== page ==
ZION NATIONAL PARK -- The seventh and last person of the group in Zion National Park has been found dead after flash floods.
The party of seven got caught in the rushing waters while canyoneering Monday evening.
The group was in Keyhole Canyon when .63 inches of rain fell between 4:30 and 5:30 p.m., Aly Baltrus said, spokeswoman at the park.
Keyhole Canyon is a short, narrow slot canyon on the east side of the park.
A permit is required to enter and park officials said hikers must complete several short rappels under 30 feet and swim through several pools of water to get through it.
The group, four men and three women, all between 40 and 50 years old, were visiting from Nevada (1) and California (6). Park rangers say they were simply washed away.
Rangers received a report of the group canyoneering in the canyon shortly before the flooding began.
Officials determined the group had not come out of the canyon when crews found their unoccupied cars at the trailhead Monday evening.
Crews started searching for the group Tuesday morning when the weather allowed.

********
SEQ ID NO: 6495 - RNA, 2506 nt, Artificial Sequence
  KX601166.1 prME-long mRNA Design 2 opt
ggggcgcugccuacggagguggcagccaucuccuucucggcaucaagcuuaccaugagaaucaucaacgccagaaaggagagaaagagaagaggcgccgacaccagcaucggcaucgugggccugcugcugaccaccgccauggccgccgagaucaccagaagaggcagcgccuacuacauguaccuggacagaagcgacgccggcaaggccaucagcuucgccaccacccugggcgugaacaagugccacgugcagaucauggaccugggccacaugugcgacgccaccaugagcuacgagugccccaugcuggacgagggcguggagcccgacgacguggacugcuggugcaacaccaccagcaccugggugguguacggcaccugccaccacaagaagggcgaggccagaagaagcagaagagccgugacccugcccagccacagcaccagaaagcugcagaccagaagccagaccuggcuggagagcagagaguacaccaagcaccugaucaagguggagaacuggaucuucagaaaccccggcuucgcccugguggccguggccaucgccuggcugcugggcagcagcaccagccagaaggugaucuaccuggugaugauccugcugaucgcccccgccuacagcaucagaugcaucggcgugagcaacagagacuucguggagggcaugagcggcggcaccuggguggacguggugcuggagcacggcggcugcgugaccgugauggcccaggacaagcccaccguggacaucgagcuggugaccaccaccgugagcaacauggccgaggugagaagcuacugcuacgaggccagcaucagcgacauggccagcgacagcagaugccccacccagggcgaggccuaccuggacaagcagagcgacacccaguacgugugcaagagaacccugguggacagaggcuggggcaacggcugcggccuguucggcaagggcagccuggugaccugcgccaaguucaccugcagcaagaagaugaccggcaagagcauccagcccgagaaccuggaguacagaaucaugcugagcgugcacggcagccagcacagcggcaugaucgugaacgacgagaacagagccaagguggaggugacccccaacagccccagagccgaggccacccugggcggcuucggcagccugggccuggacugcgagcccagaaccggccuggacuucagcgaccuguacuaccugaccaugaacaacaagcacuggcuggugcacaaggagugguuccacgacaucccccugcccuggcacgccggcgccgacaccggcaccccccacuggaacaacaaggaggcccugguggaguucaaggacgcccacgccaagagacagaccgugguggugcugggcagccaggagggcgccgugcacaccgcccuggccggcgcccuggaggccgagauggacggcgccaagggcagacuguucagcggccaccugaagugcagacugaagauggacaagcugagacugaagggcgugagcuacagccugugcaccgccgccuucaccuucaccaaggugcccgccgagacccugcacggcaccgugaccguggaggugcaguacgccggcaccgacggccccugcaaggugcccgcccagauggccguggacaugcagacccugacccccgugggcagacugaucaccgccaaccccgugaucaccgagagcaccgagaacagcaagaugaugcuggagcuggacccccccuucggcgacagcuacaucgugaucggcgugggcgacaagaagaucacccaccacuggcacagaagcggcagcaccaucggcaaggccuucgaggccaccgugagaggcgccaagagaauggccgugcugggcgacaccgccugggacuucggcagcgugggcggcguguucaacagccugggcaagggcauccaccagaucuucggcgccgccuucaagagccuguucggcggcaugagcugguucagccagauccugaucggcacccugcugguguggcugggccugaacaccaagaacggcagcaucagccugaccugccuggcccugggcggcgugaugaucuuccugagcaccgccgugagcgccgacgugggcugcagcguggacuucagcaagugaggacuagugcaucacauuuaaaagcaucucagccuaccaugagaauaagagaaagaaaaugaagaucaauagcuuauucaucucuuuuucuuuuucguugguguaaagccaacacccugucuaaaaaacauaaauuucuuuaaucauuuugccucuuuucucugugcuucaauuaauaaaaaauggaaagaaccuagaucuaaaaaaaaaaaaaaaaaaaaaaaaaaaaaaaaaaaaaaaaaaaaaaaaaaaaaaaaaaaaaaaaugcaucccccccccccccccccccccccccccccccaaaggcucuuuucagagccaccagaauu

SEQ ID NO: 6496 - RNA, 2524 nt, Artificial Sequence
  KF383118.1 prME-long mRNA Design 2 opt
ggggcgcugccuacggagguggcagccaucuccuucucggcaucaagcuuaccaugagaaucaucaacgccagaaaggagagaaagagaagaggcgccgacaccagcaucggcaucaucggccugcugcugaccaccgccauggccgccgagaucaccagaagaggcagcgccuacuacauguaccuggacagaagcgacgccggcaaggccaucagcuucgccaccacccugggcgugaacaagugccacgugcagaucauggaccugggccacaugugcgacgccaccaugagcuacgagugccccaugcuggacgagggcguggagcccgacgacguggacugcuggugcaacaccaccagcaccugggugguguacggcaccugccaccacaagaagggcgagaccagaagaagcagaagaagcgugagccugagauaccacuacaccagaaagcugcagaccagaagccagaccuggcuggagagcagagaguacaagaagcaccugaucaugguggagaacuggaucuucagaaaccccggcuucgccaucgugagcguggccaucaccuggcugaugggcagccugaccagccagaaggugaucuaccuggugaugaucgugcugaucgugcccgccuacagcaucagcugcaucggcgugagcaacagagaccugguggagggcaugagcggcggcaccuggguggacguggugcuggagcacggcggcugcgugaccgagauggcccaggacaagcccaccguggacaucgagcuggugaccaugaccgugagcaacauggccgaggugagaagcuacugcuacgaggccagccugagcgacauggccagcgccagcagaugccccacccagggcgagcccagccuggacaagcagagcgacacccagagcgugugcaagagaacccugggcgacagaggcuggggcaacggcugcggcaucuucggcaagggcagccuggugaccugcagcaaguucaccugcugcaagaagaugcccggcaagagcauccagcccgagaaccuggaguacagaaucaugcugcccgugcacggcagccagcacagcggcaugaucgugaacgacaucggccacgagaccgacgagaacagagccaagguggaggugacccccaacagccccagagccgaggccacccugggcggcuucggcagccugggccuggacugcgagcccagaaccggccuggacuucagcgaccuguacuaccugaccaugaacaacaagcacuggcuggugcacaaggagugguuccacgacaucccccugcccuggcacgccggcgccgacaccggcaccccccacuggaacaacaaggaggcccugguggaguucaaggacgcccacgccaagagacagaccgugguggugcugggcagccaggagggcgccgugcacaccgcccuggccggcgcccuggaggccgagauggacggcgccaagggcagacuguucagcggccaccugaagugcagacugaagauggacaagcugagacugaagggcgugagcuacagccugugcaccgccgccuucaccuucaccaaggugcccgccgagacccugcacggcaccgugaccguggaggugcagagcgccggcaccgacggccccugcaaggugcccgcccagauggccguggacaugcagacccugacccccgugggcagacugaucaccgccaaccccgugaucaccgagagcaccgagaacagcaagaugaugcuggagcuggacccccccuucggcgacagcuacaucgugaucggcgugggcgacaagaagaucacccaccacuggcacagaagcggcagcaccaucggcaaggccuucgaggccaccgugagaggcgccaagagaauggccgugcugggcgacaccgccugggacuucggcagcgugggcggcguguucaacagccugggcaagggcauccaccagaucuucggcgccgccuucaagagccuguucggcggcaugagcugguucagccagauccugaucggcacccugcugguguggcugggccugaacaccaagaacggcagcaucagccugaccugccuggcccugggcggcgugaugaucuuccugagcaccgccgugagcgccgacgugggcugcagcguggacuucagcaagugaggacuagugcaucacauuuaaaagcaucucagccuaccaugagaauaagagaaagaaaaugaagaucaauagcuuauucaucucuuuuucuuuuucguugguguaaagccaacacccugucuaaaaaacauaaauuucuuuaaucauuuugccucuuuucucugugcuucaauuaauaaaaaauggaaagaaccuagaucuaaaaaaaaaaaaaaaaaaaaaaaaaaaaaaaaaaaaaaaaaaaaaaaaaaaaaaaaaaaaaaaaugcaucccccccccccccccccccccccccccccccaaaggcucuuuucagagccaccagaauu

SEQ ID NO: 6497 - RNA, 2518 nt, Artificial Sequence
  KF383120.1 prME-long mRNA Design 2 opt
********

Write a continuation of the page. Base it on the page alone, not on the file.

"As search continues for the missing hikers, high water levels and continued rain showers pose further flash flooding concerns and have hampered searchers' access to the technical portions of the canyoneering route," officials said.
"With flash floods a lot of times you'll find people further downstream and that is the case," Baltrus said.
Names of the victims will not be released until next of kin has been notified.
FOX 13 News spoke with a man familiar with canyoneering at Keyhole Canyon.
"It's not a sport without some risk, but I think you can significantly reduce that risk by being smart about the choices that you make," said Reed Skinner of Spanish Fork. "If it looks like the canyon is going to be too dangerous then we say, 'I think we should do something else.'"
Skinner said part of the problem is Keyhole Canyon is known for beginners, but that doesn't mean it can't be dangerous given the weather conditions.
"In weather like this it turns the canyon with stagnant water or still pool, into flowing water and that changes things dramatically," Skinner said. "If you are used to repelling or climbing down into water and now that water is moving you can get trapped under the water."
Skinner's wife is preparing for her first canyoneering trip in Keyhole Canyon later this week. However, she said she won't go unless she is sure it's clear skies all day.
"We talked to some people before we went to Keyhole and said the weather is supposed to be bad today and they said, 'Hey we are going to take our chances, it will probably be bad tomorrow too,' and I think you just don't risk it, it can turn bad so fast," Skinner’s wife said.
This is the second deadly flooding in southern Utah. Twelve bodies have been recovered and one child is still missing after families were swept away in flash flooding in Hildale Monday evening. Three people were rescued.